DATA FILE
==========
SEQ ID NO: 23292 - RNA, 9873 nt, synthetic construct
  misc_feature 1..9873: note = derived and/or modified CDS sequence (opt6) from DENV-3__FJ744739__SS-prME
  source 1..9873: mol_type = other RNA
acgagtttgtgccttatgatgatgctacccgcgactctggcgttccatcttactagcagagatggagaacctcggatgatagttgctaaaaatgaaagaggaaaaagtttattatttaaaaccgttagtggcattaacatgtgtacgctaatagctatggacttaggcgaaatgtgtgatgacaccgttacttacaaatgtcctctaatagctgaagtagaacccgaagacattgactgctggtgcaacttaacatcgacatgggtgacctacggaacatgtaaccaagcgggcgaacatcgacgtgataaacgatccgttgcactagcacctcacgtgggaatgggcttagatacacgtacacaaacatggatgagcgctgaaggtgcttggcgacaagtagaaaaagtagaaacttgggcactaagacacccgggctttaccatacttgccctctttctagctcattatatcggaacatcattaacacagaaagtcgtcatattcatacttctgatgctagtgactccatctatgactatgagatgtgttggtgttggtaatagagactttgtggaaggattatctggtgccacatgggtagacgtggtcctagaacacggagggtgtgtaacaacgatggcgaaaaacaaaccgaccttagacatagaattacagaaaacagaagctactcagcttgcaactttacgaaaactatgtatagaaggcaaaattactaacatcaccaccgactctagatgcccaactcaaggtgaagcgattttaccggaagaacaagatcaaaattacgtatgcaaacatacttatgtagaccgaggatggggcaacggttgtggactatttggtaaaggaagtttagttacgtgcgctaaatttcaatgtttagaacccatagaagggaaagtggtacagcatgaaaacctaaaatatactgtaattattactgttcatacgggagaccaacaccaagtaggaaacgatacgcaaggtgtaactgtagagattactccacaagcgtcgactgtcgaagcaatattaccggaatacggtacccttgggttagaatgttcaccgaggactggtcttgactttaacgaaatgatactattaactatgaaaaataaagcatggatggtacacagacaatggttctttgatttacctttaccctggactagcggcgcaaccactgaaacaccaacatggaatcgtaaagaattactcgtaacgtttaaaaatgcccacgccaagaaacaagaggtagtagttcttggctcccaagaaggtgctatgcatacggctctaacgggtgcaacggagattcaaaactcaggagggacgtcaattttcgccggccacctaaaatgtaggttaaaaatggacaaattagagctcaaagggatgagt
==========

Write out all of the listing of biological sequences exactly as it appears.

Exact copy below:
SEQ ID NO: 23292 - RNA, 9873 nt, synthetic construct
  misc_feature 1..9873: note = derived and/or modified CDS sequence (opt6) from DENV-3__FJ744739__SS-prME
  source 1..9873: mol_type = other RNA
acgagtttgtgccttatgatgatgctacccgcgactctggcgttccatcttactagcagagatggagaacctcggatgatagttgctaaaaatgaaagaggaaaaagtttattatttaaaaccgttagtggcattaacatgtgtacgctaatagctatggacttaggcgaaatgtgtgatgacaccgttacttacaaatgtcctctaatagctgaagtagaacccgaagacattgactgctggtgcaacttaacatcgacatgggtgacctacggaacatgtaaccaagcgggcgaacatcgacgtgataaacgatccgttgcactagcacctcacgtgggaatgggcttagatacacgtacacaaacatggatgagcgctgaaggtgcttggcgacaagtagaaaaagtagaaacttgggcactaagacacccgggctttaccatacttgccctctttctagctcattatatcggaacatcattaacacagaaagtcgtcatattcatacttctgatgctagtgactccatctatgactatgagatgtgttggtgttggtaatagagactttgtggaaggattatctggtgccacatgggtagacgtggtcctagaacacggagggtgtgtaacaacgatggcgaaaaacaaaccgaccttagacatagaattacagaaaacagaagctactcagcttgcaactttacgaaaactatgtatagaaggcaaaattactaacatcaccaccgactctagatgcccaactcaaggtgaagcgattttaccggaagaacaagatcaaaattacgtatgcaaacatacttatgtagaccgaggatggggcaacggttgtggactatttggtaaaggaagtttagttacgtgcgctaaatttcaatgtttagaacccatagaagggaaagtggtacagcatgaaaacctaaaatatactgtaattattactgttcatacgggagaccaacaccaagtaggaaacgatacgcaaggtgtaactgtagagattactccacaagcgtcgactgtcgaagcaatattaccggaatacggtacccttgggttagaatgttcaccgaggactggtcttgactttaacgaaatgatactattaactatgaaaaataaagcatggatggtacacagacaatggttctttgatttacctttaccctggactagcggcgcaaccactgaaacaccaacatggaatcgtaaagaattactcgtaacgtttaaaaatgcccacgccaagaaacaagaggtagtagttcttggctcccaagaaggtgctatgcatacggctctaacgggtgcaacggagattcaaaactcaggagggacgtcaattttcgccggccacctaaaatgtaggttaaaaatggacaaattagagctcaaagggatgagt